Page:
This BERA presidential address considers how knowledge, education and research interact in practice, as the institutional structures that support them change. Many of the efforts at large-scale education reform depend upon the proposition that what counts as useful knowledge can be easily defined, without reference to the specific contexts in which that knowledge will be set to work. Yet “useful knowledge” as it appears to policymakers does not always translate into “useful knowledge” from the perspective of practitioners. Distance and context matter. The metaphors of best practice, benchmarking and policy borrowing wear thin when they short-cut the processes through which knowledge is made in favour of collating and distributing a set of knowledge that is treated as closed. The practice of research provides a different set of principles upon which to act.
When ready-made knowledge takes precedence over research, everything rests on the processes of selection that determine which forms of knowledge will get circulated, where. The practice of research orientates to the business of knowing in another way, keeping in tension what we think we know and what else might emerge to challenge or disrupt that state of affairs. Research at its best is transparent about the processes involved in its creation, and identifies the strengths and limitations of the tools it deploys. It develops over the long term by robustly testing the propositions it encodes. Its capacity to adjust in the light of new data or different social conditions makes it a powerful means of learning from the past and reframing current questions in the search for better answers.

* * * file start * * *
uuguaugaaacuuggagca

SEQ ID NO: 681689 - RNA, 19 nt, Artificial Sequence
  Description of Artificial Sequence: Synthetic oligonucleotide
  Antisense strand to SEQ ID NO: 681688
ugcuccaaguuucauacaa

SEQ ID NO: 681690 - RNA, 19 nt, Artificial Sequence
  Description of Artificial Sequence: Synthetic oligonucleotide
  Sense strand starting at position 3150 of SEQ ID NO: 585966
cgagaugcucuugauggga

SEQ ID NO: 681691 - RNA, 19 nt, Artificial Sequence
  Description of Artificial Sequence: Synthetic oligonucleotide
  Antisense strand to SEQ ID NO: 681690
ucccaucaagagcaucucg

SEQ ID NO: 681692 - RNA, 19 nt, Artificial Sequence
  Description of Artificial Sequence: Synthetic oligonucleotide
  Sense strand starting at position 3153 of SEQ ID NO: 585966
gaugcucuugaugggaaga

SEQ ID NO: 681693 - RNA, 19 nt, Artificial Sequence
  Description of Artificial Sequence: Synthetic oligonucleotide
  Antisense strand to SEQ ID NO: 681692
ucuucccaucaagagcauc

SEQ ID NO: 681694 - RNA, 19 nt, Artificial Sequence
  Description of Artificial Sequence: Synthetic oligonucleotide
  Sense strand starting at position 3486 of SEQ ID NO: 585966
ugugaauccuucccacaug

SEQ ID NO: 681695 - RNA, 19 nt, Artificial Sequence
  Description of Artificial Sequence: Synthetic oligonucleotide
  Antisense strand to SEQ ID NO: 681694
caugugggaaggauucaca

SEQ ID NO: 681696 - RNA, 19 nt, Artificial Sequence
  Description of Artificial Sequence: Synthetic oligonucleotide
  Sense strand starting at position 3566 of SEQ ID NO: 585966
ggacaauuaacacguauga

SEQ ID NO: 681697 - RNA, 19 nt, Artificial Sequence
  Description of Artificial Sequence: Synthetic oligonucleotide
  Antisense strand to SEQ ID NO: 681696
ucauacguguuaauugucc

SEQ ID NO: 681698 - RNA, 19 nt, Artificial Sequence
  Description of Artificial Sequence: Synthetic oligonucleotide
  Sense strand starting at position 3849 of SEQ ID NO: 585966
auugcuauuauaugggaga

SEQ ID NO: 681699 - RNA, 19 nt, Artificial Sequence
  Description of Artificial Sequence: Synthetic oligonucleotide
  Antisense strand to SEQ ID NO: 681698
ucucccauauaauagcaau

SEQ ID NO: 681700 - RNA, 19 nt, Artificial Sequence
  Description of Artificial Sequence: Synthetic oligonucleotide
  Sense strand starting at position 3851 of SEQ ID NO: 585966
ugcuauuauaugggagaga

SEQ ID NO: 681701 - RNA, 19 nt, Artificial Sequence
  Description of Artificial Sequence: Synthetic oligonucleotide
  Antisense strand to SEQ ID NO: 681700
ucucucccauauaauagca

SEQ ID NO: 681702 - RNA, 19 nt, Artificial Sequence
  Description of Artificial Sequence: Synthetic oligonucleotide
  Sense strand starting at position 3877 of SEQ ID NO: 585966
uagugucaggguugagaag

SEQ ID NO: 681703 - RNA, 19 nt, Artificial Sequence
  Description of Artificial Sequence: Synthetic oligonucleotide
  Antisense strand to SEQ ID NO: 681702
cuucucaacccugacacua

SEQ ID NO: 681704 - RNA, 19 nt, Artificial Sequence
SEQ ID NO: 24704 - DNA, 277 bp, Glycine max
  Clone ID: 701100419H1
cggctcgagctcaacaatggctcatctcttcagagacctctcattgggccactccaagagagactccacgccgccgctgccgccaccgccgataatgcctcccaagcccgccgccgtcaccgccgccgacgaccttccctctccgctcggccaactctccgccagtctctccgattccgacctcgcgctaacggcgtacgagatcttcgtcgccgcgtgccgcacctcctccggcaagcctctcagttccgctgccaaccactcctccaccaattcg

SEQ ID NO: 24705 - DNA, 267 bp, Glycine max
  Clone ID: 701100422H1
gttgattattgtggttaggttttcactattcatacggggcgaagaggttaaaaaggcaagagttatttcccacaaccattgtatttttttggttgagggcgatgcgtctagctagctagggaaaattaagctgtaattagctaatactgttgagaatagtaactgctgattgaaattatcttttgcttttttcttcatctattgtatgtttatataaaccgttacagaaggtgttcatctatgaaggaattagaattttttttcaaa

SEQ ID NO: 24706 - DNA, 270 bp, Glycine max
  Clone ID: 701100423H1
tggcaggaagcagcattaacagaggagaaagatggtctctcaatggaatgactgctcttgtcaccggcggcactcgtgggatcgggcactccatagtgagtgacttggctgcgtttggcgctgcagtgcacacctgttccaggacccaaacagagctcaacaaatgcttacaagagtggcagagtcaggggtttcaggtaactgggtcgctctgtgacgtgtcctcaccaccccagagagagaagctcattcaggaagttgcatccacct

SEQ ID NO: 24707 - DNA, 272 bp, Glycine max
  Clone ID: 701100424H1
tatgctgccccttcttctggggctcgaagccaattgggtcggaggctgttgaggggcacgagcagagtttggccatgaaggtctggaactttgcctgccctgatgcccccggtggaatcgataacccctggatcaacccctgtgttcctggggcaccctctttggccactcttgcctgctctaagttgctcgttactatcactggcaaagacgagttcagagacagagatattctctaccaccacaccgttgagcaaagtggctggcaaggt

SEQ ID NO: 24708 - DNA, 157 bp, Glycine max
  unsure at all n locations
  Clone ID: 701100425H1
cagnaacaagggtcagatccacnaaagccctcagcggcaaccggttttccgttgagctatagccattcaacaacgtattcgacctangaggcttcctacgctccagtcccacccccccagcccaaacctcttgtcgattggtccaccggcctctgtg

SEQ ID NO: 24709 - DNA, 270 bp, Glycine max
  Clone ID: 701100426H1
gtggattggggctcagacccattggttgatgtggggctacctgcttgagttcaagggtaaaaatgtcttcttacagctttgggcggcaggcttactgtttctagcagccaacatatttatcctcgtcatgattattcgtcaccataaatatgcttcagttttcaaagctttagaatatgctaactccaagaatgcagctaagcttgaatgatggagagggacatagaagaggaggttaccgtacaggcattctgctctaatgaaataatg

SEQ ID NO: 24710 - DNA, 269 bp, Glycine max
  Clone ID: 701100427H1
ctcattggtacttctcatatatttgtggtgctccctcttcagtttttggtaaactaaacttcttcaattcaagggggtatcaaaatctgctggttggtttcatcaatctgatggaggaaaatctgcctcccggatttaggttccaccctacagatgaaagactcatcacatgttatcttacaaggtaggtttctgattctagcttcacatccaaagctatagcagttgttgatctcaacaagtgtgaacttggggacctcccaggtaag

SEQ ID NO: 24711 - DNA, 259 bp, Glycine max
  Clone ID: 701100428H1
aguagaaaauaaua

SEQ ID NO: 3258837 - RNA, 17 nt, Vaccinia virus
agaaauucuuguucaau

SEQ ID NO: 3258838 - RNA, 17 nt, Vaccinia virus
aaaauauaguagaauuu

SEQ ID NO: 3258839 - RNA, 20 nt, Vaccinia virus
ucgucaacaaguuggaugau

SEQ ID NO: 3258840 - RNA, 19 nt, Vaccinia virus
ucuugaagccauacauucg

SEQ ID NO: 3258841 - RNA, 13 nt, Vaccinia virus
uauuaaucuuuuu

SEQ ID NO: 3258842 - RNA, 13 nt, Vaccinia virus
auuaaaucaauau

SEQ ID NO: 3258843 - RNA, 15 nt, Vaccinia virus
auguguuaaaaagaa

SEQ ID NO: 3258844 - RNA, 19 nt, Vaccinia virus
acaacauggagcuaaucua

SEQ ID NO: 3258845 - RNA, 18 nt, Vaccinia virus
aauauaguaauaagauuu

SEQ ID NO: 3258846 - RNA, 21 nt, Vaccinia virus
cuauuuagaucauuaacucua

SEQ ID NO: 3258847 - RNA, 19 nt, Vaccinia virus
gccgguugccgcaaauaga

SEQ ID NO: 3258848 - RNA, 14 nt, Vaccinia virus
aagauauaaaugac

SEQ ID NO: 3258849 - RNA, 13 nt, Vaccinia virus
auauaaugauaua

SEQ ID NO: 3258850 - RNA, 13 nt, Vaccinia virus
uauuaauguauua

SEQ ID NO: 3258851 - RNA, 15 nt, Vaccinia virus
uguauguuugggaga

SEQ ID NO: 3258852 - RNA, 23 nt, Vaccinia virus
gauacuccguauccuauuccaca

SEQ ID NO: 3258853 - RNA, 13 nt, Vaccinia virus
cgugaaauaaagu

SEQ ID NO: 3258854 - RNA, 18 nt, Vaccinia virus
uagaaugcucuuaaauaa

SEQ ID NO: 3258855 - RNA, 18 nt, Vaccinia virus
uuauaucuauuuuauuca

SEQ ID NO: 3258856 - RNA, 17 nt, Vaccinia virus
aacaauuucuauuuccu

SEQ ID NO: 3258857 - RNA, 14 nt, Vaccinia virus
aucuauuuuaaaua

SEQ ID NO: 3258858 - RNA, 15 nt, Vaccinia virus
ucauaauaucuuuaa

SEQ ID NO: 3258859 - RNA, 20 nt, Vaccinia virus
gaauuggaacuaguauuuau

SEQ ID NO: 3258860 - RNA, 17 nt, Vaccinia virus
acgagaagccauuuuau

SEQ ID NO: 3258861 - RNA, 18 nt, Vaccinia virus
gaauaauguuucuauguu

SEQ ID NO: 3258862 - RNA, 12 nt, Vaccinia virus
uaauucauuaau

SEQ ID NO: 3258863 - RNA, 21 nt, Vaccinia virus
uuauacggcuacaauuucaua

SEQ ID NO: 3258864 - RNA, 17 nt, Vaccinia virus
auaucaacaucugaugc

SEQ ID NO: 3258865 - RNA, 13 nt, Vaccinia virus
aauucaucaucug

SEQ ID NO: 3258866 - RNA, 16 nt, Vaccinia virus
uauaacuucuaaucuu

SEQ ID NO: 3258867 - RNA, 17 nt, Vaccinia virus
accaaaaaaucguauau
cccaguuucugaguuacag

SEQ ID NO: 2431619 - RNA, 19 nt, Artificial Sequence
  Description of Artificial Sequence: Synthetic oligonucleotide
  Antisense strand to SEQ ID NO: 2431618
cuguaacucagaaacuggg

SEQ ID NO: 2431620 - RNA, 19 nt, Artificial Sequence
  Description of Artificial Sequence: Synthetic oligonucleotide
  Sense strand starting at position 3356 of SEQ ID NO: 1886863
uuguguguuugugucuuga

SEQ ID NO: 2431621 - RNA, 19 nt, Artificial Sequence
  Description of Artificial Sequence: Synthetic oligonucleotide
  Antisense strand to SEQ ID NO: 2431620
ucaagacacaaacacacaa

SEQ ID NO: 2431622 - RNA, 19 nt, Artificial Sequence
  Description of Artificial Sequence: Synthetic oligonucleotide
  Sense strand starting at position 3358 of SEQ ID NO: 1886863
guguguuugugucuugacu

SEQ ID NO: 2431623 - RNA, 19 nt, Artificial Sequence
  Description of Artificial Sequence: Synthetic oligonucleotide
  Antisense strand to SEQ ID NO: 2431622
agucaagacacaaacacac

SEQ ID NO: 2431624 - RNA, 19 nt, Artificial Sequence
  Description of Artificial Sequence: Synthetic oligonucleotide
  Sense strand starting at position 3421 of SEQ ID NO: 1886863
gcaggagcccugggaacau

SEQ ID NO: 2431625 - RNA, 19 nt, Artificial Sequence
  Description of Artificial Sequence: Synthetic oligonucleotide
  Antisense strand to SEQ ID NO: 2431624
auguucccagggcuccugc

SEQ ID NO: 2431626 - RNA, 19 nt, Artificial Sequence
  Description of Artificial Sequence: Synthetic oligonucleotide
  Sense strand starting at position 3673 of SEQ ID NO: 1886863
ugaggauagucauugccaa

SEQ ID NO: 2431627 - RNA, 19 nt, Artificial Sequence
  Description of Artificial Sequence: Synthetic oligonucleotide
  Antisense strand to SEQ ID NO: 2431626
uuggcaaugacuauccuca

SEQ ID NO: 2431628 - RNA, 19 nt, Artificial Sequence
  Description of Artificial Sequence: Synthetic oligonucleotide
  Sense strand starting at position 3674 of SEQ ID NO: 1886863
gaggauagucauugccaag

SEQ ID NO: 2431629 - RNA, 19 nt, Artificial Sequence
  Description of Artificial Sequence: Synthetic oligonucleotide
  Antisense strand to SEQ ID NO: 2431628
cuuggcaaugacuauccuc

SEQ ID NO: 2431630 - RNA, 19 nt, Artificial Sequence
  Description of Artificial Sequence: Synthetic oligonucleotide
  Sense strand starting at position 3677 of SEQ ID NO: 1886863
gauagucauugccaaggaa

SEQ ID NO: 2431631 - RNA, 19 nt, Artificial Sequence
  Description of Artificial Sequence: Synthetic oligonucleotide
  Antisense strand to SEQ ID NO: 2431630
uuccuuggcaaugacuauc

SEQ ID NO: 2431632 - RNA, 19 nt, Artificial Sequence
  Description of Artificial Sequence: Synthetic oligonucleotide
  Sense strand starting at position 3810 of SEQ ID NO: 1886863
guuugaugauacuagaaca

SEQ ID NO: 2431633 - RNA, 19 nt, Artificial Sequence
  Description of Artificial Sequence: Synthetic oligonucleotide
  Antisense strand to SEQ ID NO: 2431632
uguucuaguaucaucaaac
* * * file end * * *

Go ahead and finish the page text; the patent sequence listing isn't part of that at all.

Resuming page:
By drawing on examples that demonstrate these dynamics at work, this address will argue for the value of the practice of research as a mode of engaging in the social world and set out an agenda for doing so well in an increasingly complex and contested educational field.